What We Learned from Soccer


As I mentioned before, Drew took part in a five-week soccer league through our local community ed. It was seriously SO fun for the entire family and I can’t wait for more experiences like this. I was struck by how much I could learn and observe about Drew through this experience. So, please enjoy this little video, and the five things we learned from soccer this spring.


1. Keep it simple, and Drew will nail it.

Knowing that Drew would be a bit nervous in such a new environment–especially with an activity where he lacks confidence–I was very thoughtful when we talked about soccer. I did as much as I could to describe what it would be like and I gave him just one “rule.” (He kind of loves rules, especially when he can remind others to follow them!) His rule was “Listen to Coach Mark. That’s it. That’s all you need to worry about. If you are listening to your coach, then you’re doing a great job.” I knew this would set him up for success and would make it easier for him to try new skills. This was a great strategy for us because Drew reported back after each game with a smile: “I listened to Coach Mark!”

2. What you lack in stature you can make up for in tattoos.

There’s a picture in the video linked above that says a thousand words about our sweet boy’s personality. Specifically, note the puppy and kitten tattoos. :)

3. His best qualities–his intelligence and his sensitivity–were magnified on the field.

On the day of the last game, Drew was enjoying his budding friendship with his teammate Wyatt. While we waited for practice to begin, they had started to play tag when Wyatt tripped and fell. I watched as Drew sped away from his friend on the ground. I leaned in and reminded him that it’s kind to check on a friend who got hurt, even when it’s not your fault. Drew spent the rest of that practice and game crouching over every fallen child on both teams. This is a full-time job with preschoolers as they fell often on the uneven lawn. My reminder to Drew ultimately   served as a major distraction, my heart is full knowing that he cares about the people around him.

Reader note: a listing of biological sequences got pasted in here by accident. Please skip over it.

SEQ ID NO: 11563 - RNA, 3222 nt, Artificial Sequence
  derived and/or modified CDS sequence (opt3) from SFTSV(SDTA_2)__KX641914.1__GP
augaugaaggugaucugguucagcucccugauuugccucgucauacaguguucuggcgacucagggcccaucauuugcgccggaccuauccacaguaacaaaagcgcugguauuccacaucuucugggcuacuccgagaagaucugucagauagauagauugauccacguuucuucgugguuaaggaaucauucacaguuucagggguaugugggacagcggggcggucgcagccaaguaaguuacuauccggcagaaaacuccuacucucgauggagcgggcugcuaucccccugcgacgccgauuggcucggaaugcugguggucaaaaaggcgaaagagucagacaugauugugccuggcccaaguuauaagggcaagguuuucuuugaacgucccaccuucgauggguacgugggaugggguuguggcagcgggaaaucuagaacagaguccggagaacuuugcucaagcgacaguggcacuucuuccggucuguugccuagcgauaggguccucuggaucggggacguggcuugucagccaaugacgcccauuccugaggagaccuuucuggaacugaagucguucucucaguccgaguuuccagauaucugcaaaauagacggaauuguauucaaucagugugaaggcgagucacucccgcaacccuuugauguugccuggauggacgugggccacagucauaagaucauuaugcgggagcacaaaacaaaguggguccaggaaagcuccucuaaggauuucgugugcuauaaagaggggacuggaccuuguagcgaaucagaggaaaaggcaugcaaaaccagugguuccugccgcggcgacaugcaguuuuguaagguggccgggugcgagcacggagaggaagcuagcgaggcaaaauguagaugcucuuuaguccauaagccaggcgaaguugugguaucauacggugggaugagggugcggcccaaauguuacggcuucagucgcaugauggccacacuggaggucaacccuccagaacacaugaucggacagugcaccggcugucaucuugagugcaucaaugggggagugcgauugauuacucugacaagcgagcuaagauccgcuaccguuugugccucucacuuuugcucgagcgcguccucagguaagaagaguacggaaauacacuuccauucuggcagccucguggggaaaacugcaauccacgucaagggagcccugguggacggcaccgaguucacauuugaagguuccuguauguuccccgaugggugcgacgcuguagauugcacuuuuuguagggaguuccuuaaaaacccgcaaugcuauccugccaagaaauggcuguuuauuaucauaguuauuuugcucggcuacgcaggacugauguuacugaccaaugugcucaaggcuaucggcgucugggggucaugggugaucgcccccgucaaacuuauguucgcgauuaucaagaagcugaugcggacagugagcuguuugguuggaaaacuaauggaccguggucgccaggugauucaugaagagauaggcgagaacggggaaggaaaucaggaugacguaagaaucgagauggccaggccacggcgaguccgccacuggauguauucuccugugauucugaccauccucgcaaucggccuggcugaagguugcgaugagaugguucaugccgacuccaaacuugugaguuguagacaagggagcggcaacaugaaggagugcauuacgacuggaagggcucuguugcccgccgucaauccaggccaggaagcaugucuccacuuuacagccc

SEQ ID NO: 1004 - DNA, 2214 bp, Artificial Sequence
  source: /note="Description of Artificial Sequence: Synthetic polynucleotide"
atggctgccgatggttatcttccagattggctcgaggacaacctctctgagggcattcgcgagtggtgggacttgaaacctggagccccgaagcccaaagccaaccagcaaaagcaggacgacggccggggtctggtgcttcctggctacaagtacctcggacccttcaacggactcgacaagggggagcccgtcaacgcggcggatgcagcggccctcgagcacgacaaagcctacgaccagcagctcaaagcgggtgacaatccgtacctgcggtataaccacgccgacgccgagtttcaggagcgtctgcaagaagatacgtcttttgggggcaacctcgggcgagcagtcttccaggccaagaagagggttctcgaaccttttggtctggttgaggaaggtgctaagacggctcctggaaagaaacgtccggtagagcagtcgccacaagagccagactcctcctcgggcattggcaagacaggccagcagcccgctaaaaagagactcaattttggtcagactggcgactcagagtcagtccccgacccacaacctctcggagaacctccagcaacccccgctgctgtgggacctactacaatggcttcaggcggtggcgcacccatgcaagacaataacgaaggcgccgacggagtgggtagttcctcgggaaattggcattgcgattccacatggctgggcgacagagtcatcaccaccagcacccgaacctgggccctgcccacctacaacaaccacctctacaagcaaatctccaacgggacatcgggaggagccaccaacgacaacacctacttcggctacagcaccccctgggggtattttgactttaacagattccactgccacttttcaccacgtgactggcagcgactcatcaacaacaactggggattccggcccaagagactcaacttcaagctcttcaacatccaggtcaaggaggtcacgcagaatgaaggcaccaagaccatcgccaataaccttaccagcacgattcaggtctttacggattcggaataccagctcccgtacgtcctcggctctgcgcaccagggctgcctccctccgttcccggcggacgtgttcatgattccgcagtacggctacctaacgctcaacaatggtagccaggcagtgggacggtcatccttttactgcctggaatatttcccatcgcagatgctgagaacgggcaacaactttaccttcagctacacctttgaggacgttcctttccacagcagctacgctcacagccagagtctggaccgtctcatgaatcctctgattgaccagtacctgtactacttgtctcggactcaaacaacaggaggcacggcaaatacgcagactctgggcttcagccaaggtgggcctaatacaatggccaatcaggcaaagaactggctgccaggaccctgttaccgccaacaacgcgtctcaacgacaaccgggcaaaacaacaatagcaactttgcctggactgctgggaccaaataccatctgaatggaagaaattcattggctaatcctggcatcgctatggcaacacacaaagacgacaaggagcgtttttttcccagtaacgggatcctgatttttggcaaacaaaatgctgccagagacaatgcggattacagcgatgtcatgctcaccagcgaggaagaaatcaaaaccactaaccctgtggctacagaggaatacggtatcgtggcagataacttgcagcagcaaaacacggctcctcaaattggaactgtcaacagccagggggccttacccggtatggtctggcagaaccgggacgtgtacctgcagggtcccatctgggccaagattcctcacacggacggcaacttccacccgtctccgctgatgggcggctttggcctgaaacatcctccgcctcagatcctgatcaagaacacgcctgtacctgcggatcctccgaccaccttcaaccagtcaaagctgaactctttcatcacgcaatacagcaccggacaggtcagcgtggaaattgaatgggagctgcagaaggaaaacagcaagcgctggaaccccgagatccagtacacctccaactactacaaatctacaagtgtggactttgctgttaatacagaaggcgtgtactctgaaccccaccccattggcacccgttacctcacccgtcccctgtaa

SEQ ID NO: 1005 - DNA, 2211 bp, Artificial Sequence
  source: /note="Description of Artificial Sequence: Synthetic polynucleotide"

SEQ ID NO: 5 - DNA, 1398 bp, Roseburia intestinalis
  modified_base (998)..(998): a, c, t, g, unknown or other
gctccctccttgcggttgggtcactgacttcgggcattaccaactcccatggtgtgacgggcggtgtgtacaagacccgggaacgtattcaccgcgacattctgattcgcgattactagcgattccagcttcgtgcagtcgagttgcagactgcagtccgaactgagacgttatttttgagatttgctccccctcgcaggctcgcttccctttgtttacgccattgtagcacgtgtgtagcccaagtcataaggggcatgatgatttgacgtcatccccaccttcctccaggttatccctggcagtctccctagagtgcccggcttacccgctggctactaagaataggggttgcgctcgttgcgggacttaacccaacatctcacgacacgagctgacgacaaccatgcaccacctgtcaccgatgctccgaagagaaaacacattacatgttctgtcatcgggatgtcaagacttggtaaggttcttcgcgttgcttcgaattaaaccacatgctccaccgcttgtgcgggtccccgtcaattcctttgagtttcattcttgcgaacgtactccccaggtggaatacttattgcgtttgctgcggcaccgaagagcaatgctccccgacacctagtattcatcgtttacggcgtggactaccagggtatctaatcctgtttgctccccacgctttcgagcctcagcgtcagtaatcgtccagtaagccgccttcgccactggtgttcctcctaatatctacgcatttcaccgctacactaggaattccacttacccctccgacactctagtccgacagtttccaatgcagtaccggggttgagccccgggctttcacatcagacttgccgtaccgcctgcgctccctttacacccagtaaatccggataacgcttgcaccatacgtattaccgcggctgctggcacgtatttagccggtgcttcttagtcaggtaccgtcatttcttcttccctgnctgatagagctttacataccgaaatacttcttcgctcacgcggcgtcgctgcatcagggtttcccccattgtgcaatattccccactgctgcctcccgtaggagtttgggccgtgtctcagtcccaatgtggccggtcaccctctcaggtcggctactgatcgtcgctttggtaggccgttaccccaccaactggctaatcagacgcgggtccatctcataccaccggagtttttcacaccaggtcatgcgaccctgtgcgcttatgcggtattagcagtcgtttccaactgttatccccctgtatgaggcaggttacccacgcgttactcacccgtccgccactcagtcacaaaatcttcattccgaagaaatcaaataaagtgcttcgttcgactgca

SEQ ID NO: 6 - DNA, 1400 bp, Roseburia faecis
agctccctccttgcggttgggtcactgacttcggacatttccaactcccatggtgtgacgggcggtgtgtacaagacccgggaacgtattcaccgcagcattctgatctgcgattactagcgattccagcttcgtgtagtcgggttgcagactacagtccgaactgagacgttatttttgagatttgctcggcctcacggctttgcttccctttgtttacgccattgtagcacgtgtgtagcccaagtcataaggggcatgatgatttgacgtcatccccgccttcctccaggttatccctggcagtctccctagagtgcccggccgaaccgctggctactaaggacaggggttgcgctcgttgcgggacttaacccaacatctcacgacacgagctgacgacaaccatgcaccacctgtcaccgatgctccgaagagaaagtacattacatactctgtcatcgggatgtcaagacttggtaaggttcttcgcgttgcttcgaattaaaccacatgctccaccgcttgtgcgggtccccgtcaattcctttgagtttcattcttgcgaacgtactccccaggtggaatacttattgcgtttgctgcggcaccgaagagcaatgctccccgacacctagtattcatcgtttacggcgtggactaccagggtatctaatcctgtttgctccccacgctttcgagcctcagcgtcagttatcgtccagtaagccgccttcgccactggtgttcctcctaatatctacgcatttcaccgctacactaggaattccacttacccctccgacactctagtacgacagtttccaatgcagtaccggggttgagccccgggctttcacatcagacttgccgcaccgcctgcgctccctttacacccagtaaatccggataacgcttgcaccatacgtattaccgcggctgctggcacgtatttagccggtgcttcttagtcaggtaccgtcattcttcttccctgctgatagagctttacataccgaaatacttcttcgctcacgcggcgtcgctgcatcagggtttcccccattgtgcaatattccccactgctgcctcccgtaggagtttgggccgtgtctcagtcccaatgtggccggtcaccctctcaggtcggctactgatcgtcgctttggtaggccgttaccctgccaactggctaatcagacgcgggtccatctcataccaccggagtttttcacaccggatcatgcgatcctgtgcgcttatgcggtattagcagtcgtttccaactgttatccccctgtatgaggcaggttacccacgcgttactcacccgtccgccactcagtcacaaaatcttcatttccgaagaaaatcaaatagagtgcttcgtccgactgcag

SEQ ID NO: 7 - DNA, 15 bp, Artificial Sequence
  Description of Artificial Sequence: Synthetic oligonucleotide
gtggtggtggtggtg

4. That child is observant as hell.

Drew is able to catalog, synthesize, and report back on basically everything that happens during a game. You might imagine that preschoolers would be living in the moment, but it seems to be more of a “soaking up the moment” effort, as he remembers every push or shove, every failed shot on goal. He immediately understands without any acknowledgment or signal from grown-ups that he’s a bit slower than the other kids. It all seems to feed his perfectionism, so our job as his parents really becomes that of a cheerleader.

5. Sometimes your big brother’s soccer league is an opportunity for you.

Owen learned about the world of patience required for an active little boy to observe dozens of soccer balls flying around without joining in. He also performed the task of ‘water boy’ beautifully and on several occasions enjoyed the attentions of his grandparents and parents on the sidelines. Love the picture (in the video) of an upside down monkey in his Grandma Barb’s lap at the end of the last game.

Next up for this summer? T-ball!

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